High-grade serous ovarian cancer (HGSOC) is the leading cause of death from gynecologic malignancies. Most patients initially respond to chemotherapy after surgery, yet ~80% will recur with disease that becomes resistant to treatment. Immune therapies have shown great promise, but with limited efficacy in HGSOC. The HGSOC tumor microenvironment (TME) is highly immuno-suppressive and this is hypothesized to promote tumor immune evasion. We have developed two new implantable syngeneic mouse ovarian tumor models that will allow for the molecular analysis of tumor- and host-specific signals driving immune evasion. By selecting for aggressive growth in mice, we have extensively characterized KMF cells (gains in genes for KRas, Myc, and FAK) that exhibit many phenotypic similarities to HGSOC; intrinsic chemo-resistance and potent immune suppression. We will focus on FAK (focal adhesion kinase), a tyrosine kinase canonically supporting cell motility signaling. FAK is the fifth highest amplified gene in HGSOC and greater than 65% of patients exhibit elevated FAK mRNA with poor prognostic significance. Using pharmacological FAK inhibitors, FAK knockout, FAK re-expression, complementation, and bioinformatic analyses of KMF cells in tumor-bearing mice, we find that FAK drives the expression of a select group of cytokines and tumor-associated surface proteins involved in regulating tumor growth and immune evasion. Inhibiting FAK results in decreased myeloid-derived suppressor cell (MDSC) recruitment, increased CD4 and CD8 T cell tumor infiltration, and decreased expression of PD-L1, CD112, and CD155 checkpoint regulatory proteins on KMF cells in vivo. These changes are consistent with a normalization or reprogramming of the ovarian TME by FAK inhibition in a tumor-intrinsic manner. FAK inhibition also prevents bloody ascites formation in the KMF model. A second newly-developed T antigen-driven FAK floxed mouse ovarian carcinoma model (MOVCAR) revealed that FAK loss prevents tumor growth in syngeneic low-T mice. FAK-null MOVCAR tumors were infiltrated by CD45+ leukocytes, and when evaluated in immune-deficient mice, orthotopic FAK-null MOVCAR tumor growth was enhanced. This proposal will test the hypothesis that tumor-intrinsic FAK activation facilitates immune-suppressive related changes to the TME.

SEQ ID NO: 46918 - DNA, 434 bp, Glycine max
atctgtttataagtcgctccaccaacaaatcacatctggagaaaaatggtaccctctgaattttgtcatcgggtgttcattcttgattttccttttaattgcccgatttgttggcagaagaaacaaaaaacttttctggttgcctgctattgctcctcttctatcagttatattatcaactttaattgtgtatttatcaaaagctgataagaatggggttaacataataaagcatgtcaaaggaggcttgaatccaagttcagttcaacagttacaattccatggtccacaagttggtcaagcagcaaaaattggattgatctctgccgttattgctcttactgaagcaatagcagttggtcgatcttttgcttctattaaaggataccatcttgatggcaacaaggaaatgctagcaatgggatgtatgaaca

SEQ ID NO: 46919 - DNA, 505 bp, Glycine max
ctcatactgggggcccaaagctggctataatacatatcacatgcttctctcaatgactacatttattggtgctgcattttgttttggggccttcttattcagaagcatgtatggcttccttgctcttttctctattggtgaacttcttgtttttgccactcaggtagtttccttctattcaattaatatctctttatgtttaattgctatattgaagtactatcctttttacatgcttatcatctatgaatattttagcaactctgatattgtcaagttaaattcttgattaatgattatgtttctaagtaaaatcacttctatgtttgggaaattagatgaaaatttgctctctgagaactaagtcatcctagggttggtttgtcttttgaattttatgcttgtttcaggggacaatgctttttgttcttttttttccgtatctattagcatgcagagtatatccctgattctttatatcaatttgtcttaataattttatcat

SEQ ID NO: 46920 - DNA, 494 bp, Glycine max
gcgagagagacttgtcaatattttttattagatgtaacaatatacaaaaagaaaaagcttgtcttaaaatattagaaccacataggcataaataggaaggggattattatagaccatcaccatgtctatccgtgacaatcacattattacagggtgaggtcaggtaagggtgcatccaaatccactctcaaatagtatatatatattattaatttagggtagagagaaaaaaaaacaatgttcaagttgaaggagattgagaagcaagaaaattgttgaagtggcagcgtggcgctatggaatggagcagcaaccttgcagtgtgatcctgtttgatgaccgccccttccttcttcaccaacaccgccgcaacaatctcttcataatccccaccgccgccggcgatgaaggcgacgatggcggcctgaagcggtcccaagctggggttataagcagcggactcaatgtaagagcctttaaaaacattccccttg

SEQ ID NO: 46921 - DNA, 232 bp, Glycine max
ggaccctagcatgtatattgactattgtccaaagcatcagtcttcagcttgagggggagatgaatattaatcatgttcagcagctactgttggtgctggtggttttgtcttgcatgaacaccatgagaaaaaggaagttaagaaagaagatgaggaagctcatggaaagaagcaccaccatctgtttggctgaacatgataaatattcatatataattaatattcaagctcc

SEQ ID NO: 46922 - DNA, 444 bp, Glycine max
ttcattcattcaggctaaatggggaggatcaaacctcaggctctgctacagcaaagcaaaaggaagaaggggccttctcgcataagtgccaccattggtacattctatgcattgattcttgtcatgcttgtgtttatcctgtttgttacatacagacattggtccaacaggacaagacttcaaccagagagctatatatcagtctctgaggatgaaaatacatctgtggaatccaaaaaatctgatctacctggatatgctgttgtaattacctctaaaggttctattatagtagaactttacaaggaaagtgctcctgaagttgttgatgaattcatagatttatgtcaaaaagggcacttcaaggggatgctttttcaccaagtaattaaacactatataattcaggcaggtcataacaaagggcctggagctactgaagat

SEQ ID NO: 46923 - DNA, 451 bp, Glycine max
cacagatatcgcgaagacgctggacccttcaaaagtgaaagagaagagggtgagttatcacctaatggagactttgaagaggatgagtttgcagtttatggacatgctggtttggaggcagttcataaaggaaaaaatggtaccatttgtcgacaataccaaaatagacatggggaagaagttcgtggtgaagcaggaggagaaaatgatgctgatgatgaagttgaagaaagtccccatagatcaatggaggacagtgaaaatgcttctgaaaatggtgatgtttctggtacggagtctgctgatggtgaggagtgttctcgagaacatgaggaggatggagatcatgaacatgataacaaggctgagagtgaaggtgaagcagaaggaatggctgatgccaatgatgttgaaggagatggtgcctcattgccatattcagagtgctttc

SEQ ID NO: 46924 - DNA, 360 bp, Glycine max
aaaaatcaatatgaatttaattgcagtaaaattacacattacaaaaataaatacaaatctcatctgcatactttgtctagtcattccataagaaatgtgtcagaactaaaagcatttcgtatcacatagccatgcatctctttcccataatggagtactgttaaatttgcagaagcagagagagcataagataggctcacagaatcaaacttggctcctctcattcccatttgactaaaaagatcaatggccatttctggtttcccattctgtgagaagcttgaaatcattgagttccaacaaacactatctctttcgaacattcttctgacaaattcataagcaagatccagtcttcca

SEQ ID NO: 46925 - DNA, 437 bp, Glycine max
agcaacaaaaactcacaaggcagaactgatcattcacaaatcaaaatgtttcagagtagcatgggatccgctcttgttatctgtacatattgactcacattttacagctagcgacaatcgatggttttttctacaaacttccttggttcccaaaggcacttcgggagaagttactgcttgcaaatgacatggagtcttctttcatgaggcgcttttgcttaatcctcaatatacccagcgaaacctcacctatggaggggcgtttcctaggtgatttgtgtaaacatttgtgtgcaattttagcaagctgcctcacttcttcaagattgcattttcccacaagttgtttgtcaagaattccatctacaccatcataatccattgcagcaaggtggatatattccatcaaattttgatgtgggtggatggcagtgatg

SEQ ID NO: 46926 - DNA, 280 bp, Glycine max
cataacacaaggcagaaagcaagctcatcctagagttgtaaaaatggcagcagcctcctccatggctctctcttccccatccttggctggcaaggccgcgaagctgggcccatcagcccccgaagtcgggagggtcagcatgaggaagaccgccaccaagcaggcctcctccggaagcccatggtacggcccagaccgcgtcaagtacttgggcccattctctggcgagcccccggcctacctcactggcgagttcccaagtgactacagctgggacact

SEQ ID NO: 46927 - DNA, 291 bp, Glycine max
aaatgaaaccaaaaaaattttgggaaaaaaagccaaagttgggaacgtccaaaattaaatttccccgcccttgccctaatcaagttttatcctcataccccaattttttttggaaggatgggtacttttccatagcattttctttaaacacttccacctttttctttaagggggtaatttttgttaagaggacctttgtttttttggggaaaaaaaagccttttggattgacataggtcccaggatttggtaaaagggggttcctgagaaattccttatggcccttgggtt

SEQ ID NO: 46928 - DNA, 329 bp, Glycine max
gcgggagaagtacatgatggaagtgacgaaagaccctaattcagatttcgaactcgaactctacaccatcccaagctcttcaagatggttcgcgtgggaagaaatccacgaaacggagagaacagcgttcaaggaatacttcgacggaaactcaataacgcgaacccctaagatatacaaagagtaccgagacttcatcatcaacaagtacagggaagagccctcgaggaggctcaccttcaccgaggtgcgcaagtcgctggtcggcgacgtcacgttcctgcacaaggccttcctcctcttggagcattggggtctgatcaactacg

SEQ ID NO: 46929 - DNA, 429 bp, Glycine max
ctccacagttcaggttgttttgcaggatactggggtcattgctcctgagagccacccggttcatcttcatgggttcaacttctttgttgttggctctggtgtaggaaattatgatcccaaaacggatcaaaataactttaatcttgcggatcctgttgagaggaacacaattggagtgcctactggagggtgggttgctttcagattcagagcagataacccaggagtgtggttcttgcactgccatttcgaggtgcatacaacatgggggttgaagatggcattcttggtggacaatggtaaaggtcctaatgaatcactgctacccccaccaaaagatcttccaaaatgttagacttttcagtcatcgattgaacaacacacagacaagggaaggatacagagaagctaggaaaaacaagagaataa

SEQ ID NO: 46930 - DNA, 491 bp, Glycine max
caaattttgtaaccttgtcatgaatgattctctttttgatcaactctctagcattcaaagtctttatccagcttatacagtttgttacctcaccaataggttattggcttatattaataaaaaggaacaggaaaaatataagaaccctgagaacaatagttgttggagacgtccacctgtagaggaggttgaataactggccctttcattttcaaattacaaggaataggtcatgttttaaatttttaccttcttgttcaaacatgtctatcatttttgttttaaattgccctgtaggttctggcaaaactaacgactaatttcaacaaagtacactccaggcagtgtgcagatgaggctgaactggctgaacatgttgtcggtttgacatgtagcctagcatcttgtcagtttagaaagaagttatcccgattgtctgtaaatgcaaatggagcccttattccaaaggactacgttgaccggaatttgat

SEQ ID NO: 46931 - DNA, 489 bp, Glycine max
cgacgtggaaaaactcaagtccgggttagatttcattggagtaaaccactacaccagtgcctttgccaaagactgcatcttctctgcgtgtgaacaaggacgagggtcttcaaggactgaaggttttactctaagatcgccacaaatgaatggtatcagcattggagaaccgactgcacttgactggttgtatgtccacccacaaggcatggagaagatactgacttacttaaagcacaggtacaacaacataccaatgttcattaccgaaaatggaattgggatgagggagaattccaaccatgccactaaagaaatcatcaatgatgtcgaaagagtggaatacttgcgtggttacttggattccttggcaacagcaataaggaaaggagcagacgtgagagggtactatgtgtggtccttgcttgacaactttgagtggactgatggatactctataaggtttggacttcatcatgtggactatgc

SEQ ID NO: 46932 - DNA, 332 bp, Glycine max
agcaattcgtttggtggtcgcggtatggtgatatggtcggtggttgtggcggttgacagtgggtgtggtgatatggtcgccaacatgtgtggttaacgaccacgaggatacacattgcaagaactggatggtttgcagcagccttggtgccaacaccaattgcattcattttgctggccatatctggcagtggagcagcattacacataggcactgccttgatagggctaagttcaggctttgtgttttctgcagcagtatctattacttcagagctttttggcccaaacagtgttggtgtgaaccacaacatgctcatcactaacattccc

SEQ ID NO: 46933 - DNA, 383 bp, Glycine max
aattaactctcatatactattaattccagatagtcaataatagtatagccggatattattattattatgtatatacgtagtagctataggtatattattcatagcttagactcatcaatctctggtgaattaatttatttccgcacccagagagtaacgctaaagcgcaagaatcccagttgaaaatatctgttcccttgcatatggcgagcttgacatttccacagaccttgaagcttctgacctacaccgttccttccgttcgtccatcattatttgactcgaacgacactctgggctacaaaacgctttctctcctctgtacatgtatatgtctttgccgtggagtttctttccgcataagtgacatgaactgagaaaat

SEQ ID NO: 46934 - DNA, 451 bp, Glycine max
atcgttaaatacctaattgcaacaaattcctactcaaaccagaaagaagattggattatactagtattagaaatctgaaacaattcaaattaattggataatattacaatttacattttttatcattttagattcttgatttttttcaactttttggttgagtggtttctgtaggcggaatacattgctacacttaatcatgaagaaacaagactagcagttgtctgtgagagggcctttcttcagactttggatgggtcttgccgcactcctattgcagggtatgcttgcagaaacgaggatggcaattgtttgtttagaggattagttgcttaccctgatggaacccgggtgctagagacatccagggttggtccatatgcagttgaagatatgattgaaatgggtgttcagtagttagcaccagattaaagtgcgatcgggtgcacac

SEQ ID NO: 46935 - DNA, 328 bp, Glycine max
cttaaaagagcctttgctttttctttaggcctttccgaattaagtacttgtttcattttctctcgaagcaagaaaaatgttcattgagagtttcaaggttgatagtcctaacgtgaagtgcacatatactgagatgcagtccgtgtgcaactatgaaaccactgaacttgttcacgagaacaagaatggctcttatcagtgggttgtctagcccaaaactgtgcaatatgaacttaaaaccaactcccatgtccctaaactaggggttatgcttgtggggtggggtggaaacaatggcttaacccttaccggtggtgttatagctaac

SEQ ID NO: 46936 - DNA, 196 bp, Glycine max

Aim -1 will use a new inducible FAK expression system to evaluate FAK nuclear localization- and kinase-dependent signals driving malignancy, chemokine expression, and MDSC recruitment.
Aim -2 will test the role CD112/CD155 immune checkpoint protein expression and whether FAK inhibition may combine with antibodies to TIGIT (T cell immunoreceptor with Ig and ITIM domains) to limit tumor growth via effects on T cells.
Aim -3 will use an inducible knockout of FAK, of the related Pyk2 kinase (new model), or inducible expression of kinase-inactive FAK in mouse endothelial cells, with the KMF implantable tumor model, to test stromal FAK and Pyk2 signaling on the TME. These mouse studies, with analyses of patient tumors, will provide important insights on the role of FAK inhibition to enhance immunotherapy efficacy for HGSOC.
Ovarian cancer recurrence is a leading cause of cancer deaths among women due to tumor resistance to therapy. The tumor microenvironment is highly immunosuppressive, and this constitutes a major treatment barrier. Utilizing our newly-developed and highly characterized murine models of ovarian cancer and patient- derived tumors, we will systematically examine the molecular mechanisms and targets associated with FAK- dependent oncogenic signals reprogramming the tumor microenvironment promoting tumor immune evasion.